Mali's first post-war prime minister began forming a government as the United States and France gave an early vote of confidence to the new administration, pledging support.
Career technocrat Oumar Tatam Ly was named as head of President Ibrahim Boubacar Keita's government on Thursday, taking over from interim premier Diango Cissoko.
Ly will be expected to deliver on promises by the president to reunite a deeply divided nation and crack down on corruption.
The new administration got a significant boost Friday when the US State Department said Washington would resume development aid to Mali which was suspended after the ex-president was ousted in a coup last year.
The transition means "a democratically elected government has taken office in Mali," the State Department said in a statement, adding that Washington would continue to assess the situation before renewing military assistance.
French Foreign Minister Laurent Fabius earlier welcomed Ly's appointment.
"Alongside President Ibrahim Boubacar Keita, the competence of Oumar Tatam Ly will be a valuable asset in confronting the challenges facing Mali and the Sahel," he said in a statement.
"As Mali opens a new page it can count on France, which will be its partner, ally and friend," he said in a statement.
Ly has spent most of the last two decades as a central bank functionary and is expected to rely on advisers with more political experience.
He has to choose colleagues for a cabinet charged with returning stability to a country upended by a military coup and Islamist insurgency last year.
He began consultations with potential ministers immediately after being appointed on Thursday, his aides told AFP. They would not however say who was in consideration for the major portfolios.
One member of Ly's inner circle who has known the new premier for 20 years described him as a reserved and exacting man who disliked amateurism.
"I believe that the way the government operates could change," the aide told AFP. "There will be accountability for results for all members of the government.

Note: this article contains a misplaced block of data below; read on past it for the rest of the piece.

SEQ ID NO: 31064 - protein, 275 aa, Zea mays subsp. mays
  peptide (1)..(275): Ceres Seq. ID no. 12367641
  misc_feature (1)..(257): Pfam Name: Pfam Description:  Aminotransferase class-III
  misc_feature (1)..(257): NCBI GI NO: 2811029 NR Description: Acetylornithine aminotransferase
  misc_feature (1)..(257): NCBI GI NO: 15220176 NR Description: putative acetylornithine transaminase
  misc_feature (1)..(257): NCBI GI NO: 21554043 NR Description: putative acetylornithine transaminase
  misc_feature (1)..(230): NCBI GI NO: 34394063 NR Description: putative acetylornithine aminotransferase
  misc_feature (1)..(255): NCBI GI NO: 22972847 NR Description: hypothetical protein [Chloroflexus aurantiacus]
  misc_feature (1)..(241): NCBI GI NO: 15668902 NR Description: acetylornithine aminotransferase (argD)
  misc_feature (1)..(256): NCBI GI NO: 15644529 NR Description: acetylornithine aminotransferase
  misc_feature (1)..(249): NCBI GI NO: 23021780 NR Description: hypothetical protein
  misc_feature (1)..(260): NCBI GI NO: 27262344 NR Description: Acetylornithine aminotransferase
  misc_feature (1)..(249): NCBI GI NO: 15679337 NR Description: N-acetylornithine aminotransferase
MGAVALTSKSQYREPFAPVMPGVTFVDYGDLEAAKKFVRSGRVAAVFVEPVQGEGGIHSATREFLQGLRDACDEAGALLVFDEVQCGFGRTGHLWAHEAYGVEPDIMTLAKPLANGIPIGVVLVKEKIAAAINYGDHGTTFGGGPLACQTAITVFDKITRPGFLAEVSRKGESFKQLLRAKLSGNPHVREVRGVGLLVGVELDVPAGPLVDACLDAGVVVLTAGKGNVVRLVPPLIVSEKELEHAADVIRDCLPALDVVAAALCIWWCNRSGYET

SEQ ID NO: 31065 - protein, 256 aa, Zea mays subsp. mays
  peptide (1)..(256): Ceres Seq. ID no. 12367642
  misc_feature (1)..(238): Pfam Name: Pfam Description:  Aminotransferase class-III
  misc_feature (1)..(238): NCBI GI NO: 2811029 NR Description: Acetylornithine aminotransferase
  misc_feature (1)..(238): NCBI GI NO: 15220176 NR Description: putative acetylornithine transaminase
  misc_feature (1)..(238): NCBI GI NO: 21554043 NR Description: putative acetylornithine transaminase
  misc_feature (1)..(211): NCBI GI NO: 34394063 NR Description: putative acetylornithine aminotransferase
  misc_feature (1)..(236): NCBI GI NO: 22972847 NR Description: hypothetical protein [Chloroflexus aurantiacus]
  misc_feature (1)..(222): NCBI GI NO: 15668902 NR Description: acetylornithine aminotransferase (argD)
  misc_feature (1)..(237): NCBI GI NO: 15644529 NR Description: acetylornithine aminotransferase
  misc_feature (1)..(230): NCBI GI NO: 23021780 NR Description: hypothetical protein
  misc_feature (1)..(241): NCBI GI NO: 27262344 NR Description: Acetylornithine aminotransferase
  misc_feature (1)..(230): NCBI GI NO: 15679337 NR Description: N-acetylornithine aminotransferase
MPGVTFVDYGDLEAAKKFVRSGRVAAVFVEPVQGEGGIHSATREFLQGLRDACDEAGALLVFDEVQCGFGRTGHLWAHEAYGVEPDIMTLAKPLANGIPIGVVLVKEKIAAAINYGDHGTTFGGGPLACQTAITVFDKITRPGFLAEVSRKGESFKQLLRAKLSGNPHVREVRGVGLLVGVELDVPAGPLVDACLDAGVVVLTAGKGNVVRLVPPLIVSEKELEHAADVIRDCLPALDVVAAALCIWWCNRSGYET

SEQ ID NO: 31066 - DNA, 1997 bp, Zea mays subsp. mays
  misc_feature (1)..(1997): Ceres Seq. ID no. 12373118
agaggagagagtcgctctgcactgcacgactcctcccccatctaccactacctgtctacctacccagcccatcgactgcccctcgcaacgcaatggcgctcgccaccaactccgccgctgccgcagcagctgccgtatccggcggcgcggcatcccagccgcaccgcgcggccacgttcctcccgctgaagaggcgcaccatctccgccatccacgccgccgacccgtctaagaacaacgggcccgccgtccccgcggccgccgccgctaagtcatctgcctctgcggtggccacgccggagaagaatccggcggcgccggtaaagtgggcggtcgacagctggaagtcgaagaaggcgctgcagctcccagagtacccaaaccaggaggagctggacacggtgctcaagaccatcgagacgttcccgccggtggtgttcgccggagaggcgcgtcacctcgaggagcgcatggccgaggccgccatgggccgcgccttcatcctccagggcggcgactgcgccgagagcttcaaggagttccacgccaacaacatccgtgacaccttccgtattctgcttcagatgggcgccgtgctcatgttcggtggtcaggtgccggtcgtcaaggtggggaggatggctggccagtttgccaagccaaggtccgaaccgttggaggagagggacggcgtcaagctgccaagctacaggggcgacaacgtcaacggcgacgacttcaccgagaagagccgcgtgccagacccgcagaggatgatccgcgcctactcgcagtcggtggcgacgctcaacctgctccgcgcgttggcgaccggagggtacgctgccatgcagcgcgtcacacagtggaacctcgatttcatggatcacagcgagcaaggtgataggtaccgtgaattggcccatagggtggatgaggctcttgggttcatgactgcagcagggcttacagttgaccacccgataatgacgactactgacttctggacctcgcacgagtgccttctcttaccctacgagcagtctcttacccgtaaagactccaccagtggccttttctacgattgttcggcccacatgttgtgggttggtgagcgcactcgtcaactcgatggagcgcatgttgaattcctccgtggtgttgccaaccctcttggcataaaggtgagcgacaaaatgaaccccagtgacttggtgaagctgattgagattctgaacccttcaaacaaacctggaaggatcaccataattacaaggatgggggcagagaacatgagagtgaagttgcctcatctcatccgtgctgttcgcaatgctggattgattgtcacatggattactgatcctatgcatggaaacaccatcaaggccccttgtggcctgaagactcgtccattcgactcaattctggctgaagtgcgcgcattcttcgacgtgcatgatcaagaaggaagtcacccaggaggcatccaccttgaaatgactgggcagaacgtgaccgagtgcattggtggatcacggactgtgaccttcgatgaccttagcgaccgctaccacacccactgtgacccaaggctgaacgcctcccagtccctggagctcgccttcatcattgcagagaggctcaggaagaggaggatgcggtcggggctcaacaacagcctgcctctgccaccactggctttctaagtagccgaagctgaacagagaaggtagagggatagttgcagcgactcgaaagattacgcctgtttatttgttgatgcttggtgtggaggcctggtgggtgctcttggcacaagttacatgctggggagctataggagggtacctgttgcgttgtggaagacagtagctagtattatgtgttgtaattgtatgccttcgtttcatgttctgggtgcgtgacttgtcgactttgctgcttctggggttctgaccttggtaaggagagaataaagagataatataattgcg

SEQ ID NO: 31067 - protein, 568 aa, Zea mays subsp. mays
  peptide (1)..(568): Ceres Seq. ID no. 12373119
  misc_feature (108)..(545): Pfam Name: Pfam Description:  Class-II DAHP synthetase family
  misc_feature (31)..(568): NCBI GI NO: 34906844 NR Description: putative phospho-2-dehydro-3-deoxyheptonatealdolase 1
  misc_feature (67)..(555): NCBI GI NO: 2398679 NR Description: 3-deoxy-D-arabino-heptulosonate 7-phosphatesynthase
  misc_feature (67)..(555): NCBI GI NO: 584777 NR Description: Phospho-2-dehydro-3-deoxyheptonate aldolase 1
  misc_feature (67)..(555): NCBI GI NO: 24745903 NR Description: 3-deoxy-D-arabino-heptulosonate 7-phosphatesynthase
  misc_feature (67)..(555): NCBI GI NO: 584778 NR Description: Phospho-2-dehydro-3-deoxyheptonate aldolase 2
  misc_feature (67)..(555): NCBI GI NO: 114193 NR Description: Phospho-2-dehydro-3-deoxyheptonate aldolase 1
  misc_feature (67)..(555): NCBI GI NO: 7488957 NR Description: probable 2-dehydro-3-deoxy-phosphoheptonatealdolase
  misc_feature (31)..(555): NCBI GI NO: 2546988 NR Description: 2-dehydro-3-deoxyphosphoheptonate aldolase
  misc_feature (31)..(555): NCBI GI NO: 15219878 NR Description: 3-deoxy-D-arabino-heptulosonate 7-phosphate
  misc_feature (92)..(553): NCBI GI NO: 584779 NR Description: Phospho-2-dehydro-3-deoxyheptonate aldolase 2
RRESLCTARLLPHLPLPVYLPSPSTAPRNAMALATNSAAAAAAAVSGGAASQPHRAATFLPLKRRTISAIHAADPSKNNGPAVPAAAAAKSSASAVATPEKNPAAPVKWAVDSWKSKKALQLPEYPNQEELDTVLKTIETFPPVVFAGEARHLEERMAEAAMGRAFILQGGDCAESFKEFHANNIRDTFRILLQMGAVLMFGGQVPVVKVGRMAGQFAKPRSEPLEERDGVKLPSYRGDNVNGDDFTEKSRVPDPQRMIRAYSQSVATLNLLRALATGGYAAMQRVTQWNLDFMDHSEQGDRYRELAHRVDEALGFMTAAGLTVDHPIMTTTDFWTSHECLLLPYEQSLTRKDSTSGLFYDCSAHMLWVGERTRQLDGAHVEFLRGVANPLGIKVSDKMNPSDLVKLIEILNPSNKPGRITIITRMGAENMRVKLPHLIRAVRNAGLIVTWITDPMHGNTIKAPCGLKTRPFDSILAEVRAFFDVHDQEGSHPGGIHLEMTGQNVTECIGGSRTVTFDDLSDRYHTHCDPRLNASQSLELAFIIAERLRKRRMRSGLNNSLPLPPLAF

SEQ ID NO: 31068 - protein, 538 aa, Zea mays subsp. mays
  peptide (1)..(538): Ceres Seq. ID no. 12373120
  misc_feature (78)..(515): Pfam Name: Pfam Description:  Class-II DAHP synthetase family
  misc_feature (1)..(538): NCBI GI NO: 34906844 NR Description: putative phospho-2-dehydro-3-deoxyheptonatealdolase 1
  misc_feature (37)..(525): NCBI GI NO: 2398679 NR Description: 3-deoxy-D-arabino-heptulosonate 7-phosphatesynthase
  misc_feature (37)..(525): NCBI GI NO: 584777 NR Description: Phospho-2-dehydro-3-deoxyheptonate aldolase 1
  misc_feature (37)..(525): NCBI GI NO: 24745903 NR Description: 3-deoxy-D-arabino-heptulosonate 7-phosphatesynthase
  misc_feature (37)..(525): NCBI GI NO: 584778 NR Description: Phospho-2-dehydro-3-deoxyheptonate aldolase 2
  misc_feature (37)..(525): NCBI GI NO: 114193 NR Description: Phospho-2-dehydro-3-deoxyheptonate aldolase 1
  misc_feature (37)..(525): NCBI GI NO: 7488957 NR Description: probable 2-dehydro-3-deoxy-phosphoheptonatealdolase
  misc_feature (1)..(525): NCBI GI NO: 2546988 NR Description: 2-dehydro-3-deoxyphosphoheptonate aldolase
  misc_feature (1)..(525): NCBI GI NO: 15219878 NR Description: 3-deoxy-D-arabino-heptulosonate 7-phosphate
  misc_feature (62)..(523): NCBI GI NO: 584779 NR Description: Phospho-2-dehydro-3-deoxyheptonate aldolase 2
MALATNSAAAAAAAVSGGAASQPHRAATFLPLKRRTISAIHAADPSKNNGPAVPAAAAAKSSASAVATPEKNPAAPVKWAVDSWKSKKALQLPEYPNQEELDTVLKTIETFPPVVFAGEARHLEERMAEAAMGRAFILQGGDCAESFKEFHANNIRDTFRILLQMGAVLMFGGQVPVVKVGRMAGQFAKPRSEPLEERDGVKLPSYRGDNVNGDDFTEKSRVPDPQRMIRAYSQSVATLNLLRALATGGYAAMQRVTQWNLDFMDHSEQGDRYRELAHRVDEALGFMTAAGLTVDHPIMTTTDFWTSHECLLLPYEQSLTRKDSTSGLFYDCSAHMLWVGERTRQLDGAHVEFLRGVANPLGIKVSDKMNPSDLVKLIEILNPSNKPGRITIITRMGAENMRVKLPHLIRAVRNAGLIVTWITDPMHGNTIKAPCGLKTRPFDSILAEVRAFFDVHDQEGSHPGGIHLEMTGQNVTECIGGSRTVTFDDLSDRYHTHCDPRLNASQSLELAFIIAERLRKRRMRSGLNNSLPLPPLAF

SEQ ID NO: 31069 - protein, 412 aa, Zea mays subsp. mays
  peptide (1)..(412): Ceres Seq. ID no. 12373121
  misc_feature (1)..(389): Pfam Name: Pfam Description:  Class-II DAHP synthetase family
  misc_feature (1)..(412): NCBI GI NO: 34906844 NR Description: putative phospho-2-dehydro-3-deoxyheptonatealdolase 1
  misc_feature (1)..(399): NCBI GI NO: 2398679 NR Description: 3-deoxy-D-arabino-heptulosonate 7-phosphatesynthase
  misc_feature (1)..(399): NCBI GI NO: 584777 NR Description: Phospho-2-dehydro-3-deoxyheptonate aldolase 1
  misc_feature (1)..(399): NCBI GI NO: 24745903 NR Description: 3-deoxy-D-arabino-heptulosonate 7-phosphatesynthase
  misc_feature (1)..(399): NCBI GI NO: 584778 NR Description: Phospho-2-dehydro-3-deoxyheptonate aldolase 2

"Good governance will be the basis of every action of the new prime minister."
Ly's appointment got a cautious welcome in the mainstream media. The daily newspaper Le Soir describing the 49-year-old as "a choice in line with the wishes of Malians".
The reaction on social networks was mixed, with some taking to Twitter to express doubts over the appointment -- as one critic put it -- of "an apolitical prime minister in a very political period".
Others however were more generous.
"The nomination of this man who has had a career first will be a model for the youth of Mali and bodes well for a well-governed Mali..." World Bank economist and Malian politician Madani Tall tweeted.
Born in Paris, Ly quickly became a promising academic, gaining degrees in history and economics from prestigious French universities including the Sorbonne and ESSEC, one of Europe's top business schools.
He began his career at the World Bank before moving via the general secretariat of the president of Mali to the Central Bank of West African States in 1994. He rose to become national director for Mali, then adviser to the governor.
While has never held high public office, Ly comes from a family deeply involved in west African politics and is considered a close confidante of Keita.
His father was the late novelist and political activist Ibrahima Ly, who fled Mali after being jailed and allegedly tortured under the regime of military dictator Moussa Traore.
Ly's main task in the months ahead will be to deliver on the president's pledge when he was sworn in on Wednesday to unite Mali and end endemic corruption.
But his daunting in-tray will also include tackling an economy battered by conflict; healing ethnic divisions in the north; and managing the return of 500,000 people who fled the Islamist insurgency.
Army officers angry at what they considered a lack of support to combat a separatist Tuareg rebellion in Mali's vast desert north overthrew the democratically elected government of president Amadou Toumani Toure on March 22, 2012.
In the ensuing chaos, the Tuaregs seized control of an area larger than France before being ousted by Al-Qaeda-linked groups.
They imposed a brutal interpretation of Islamic law on the local population, carrying out amputations and executions, prompting worldwide condemnation.
In January, France launched a military offensive at Mali's behest to oust the Islamists.
The country's return to democracy has allowed France to begin withdrawing some of the 4,500 troops it sent in.